Spain's fuel tax protests met with brutal repression

By Vicky Short
3 October 2000

Rubber bullets, teargas and fire cranes were used last weekend, as the Spanish government mobilised large contingents of police against groups protesting at increased fuel costs. Scores of demonstrators were injured and several arrests were made.

Protests in Spain have continued unabated since they first began following similar actions throughout Europe. Road hauliers, farmers, fishermen and taxi drivers blockaded fuel depots at the weekend in several cities. The biggest demonstrations took place in the Catalan cities of Barcelona, Tarragona and Gerona. Pickets were also mounted in Seville, Cádiz and Málaga in Southern Spain, Castille and León in central Spain and Alicante, Valencia and Castellón on the southeast coast. Trouble also flared up in the Basque Country, where three union leaders were arrested in Vizcaya.

In Lérida, 3,000 farmers kept the access to the fuel distributor, Compañía Logística de Hidrocarburos, blocked with 1,000 tractors. In El Puerto de Santa María (Cádiz) fishermen cut the traffic by lighting fires on the road. Fishermen in Málaga prevented the unloading of fish and its distribution to markets and restaurants, many of which were forced to close down. Ports in Cartagena and Escombreras were being blocked and fishermen from Granada spent the night in the harbours to prevent oil tanker ships unloading their cargo.

A fisherman in Barcelona said that a year ago the price of diesel oil was between 20 and 24 pesetas per litre. Now it is 60. The income from his boat “Mar Vella”, which uses 1,000 litres a day, has gone down by 25 percent.

The Peoples Party government of José María Aznar initially took a hard line position similar to that of British Prime Minister Tony Blair, and declared that no reduction of fuel tax would be implemented, in accordance with European Union directives. However, in an unsuccessful attempt to prevent further actions it decided to negotiate concessions with sections of the protesters. Three Ministries were involved in the negotiations: Finance, Public Works, and Agriculture & Fisheries, and involved some reductions in income tax contributions along with increases in sales tax on agricultural products. In addition, the government promised the creation of so-called “professional” diesel oil—sold at cut-price rates. The offer also includes low interest credits, plus reductions in the social security contributions until December.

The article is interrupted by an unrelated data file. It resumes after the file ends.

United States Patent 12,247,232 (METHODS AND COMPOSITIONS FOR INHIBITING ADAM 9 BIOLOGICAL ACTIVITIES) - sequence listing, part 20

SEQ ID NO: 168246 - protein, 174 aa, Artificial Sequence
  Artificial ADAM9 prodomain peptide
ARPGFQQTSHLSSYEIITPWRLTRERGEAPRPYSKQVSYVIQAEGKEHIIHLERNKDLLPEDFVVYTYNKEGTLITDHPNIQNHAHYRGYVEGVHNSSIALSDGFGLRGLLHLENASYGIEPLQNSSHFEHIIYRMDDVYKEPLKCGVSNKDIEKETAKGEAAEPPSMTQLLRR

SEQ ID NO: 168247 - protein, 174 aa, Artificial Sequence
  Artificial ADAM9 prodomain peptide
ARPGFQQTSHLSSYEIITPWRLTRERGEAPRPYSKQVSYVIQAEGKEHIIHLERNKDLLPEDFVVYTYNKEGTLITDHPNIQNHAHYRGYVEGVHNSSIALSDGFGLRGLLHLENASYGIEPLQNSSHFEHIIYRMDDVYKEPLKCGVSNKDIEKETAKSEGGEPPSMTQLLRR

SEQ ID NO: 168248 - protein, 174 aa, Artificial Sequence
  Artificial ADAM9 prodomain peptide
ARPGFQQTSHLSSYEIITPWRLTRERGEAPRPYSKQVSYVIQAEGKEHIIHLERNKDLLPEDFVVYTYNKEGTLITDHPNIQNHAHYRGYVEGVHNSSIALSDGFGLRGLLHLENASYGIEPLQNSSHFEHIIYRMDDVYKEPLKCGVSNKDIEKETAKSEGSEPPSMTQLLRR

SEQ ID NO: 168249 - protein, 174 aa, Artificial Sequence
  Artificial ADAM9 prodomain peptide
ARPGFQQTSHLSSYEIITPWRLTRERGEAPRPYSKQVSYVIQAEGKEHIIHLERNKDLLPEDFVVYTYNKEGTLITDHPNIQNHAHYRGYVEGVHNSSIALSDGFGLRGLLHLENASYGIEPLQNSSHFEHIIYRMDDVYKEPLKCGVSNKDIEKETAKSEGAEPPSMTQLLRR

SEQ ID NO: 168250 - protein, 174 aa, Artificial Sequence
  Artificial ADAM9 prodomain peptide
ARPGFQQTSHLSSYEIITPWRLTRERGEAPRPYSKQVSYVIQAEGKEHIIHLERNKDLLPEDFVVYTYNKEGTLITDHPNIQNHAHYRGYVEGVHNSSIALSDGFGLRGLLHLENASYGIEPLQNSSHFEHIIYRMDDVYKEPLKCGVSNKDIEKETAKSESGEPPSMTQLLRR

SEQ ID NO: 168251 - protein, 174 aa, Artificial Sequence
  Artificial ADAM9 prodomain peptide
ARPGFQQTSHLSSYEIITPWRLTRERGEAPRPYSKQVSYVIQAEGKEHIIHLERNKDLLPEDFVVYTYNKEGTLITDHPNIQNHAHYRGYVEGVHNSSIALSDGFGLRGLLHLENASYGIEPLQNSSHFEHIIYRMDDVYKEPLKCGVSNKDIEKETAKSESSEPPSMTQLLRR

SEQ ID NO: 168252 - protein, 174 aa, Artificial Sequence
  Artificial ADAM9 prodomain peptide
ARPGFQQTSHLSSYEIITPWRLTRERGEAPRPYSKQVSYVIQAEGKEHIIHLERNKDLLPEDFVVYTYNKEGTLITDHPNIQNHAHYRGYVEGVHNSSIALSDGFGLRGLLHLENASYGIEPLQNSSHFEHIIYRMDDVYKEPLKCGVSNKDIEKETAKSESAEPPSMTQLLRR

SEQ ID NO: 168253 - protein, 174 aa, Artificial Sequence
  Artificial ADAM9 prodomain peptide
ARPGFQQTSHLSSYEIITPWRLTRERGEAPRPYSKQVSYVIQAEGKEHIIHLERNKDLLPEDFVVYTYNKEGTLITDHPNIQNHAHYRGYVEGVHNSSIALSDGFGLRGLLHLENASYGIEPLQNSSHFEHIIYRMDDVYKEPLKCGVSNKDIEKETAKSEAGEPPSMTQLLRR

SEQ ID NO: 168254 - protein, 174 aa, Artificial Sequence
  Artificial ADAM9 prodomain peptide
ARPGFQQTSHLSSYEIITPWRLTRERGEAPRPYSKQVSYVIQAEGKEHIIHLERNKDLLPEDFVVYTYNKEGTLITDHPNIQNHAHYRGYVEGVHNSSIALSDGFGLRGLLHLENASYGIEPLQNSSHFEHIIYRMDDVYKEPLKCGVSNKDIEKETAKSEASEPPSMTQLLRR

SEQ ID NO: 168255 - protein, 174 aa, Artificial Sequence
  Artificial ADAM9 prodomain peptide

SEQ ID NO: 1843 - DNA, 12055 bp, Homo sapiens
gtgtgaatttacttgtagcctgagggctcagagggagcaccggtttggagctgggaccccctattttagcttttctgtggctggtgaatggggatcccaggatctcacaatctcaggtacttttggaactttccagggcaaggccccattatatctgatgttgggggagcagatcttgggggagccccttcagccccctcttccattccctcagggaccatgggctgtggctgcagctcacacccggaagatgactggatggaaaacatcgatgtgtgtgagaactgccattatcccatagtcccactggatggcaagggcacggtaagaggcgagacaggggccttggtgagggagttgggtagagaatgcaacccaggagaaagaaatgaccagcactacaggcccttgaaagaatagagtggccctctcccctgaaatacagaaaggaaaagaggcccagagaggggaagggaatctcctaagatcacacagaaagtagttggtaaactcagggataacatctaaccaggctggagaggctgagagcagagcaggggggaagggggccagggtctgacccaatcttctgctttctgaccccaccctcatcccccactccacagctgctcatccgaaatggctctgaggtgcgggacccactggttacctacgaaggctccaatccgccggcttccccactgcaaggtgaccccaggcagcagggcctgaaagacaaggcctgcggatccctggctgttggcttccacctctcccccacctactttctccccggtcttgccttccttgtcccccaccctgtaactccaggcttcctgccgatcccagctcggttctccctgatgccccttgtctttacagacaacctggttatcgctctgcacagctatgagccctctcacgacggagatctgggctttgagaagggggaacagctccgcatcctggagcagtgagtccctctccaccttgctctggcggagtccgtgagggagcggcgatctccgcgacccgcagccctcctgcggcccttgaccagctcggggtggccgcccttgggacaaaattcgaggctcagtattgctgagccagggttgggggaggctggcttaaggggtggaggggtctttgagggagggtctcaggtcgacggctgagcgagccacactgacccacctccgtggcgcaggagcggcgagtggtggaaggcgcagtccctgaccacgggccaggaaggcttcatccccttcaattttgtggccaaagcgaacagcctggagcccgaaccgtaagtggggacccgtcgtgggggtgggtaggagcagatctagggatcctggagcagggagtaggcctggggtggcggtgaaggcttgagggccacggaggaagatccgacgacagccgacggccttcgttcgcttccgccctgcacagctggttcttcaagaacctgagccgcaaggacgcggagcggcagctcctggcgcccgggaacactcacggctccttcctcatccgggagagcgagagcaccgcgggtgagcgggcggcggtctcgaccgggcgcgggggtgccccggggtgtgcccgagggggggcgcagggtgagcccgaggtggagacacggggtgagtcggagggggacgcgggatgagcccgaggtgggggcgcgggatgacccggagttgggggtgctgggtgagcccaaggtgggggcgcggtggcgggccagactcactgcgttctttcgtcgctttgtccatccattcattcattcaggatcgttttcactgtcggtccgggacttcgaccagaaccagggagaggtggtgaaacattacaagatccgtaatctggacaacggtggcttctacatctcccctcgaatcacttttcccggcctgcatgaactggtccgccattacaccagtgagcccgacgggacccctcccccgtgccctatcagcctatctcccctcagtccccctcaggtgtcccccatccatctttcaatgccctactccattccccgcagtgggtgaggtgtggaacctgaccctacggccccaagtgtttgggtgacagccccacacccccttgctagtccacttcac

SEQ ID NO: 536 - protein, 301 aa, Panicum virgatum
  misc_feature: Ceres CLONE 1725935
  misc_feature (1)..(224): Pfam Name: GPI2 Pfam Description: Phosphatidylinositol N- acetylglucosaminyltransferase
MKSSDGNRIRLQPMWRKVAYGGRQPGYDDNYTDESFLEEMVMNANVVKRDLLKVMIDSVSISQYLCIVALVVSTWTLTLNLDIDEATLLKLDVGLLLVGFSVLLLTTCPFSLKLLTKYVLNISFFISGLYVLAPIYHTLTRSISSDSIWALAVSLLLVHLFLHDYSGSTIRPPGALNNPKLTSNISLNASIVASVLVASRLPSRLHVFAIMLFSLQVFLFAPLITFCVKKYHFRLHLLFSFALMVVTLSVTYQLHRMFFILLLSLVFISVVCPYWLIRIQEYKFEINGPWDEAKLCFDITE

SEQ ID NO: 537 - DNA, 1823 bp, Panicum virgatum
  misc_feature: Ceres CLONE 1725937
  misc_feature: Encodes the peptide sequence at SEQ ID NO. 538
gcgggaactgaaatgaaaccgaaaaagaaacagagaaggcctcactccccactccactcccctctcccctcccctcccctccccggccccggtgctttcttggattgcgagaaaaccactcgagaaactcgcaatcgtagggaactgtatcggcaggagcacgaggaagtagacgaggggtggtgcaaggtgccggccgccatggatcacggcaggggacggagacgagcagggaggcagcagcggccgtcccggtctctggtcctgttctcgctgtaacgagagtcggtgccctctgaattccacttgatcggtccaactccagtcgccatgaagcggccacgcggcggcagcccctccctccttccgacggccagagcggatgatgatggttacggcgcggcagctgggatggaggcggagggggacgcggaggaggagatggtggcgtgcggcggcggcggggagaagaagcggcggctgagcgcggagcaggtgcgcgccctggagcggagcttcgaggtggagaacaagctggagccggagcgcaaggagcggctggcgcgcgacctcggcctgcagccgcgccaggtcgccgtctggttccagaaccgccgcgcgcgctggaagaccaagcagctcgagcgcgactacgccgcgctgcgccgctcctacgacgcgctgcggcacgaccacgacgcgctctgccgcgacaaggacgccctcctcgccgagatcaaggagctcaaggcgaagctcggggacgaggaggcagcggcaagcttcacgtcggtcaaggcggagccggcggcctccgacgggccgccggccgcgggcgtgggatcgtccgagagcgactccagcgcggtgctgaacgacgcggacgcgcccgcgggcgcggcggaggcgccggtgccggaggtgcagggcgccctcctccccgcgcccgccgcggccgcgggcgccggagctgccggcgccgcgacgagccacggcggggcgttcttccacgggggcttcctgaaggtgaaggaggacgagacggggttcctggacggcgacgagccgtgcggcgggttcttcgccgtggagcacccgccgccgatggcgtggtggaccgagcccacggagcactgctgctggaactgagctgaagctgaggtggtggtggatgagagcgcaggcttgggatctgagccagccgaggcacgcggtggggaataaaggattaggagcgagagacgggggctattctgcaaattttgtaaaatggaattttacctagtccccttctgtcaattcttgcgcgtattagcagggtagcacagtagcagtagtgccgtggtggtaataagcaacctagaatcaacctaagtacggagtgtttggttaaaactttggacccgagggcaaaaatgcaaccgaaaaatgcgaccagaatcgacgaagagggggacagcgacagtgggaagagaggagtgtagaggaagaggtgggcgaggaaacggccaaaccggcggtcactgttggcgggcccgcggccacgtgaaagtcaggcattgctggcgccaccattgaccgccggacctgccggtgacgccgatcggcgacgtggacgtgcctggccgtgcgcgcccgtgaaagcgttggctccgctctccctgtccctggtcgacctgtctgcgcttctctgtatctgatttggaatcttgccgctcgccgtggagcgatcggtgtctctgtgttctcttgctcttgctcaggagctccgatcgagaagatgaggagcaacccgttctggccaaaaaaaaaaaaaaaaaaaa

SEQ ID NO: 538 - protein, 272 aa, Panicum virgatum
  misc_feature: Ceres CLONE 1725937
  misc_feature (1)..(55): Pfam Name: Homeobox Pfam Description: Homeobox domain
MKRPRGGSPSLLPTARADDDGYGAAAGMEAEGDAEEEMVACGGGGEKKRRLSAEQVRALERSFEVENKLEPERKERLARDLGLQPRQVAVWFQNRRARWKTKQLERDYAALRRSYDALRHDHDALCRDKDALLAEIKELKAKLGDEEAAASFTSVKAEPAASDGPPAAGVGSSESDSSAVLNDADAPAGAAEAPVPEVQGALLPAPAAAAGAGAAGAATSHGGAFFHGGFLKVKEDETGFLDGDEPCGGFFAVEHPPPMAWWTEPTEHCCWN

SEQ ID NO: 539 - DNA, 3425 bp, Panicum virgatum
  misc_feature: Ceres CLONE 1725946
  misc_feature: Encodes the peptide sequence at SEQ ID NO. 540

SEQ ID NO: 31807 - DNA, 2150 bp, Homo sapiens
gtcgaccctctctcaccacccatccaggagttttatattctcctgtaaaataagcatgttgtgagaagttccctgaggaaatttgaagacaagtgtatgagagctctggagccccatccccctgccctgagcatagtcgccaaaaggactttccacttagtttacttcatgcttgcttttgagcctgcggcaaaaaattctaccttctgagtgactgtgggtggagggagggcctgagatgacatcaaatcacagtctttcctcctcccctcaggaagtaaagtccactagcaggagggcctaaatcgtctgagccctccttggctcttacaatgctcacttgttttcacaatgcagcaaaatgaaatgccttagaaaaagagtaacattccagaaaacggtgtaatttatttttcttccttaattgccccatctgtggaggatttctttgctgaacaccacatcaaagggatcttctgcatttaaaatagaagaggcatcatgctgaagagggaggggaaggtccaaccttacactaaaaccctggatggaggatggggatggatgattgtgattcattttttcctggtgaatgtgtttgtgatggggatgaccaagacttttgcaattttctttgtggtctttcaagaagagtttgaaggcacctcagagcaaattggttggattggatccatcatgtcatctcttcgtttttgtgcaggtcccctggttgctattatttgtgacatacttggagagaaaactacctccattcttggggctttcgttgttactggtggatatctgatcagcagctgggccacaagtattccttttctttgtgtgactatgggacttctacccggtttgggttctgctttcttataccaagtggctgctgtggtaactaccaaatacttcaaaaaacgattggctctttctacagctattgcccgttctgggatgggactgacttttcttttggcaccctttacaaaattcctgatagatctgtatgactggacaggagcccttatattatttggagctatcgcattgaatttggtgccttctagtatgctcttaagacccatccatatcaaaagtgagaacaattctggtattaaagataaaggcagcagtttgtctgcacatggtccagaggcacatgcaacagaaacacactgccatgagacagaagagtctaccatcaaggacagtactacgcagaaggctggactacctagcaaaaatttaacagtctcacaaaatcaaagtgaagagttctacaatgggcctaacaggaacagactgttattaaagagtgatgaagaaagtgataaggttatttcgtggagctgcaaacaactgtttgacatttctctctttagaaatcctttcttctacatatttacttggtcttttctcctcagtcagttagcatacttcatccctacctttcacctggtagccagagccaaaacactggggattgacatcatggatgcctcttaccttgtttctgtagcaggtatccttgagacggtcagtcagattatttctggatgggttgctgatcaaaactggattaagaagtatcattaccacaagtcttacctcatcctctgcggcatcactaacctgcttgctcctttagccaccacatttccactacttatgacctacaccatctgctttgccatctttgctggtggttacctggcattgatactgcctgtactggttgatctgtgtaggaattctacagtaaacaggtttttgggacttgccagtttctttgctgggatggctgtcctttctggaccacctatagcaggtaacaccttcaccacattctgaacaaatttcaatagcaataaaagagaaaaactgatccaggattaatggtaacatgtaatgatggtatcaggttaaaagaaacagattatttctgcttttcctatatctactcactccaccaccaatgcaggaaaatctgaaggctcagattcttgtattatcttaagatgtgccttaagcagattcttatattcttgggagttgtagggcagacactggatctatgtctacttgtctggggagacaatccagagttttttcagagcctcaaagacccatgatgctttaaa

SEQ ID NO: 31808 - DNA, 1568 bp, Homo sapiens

Several unions have signed up to the agreement, but this has created a split amongst farmers, fishermen and hauliers of different regions and unions. The fishermen in Catalonia refused to sign the agreement and have continued their protests. Meetings are still to be held between government departments and the hauliers.

Another trouble front has opened up with the announcement of a 17.5 percent increase in the price of butane gas. Twelve million people all over the country—mainly working class families—are not yet connected to town gas and rely on butane gas bottles for cooking and heating.

Several national strikes of fishermen, farmers and road hauliers are due to take place in the coming days and weeks. In the first one, which started yesterday, road hauliers blockaded the two most important border crossings between France and Spain, La Junquera and Irún. Queues of lorries, up to 10 kilometres long, built up, while cars were allowed through.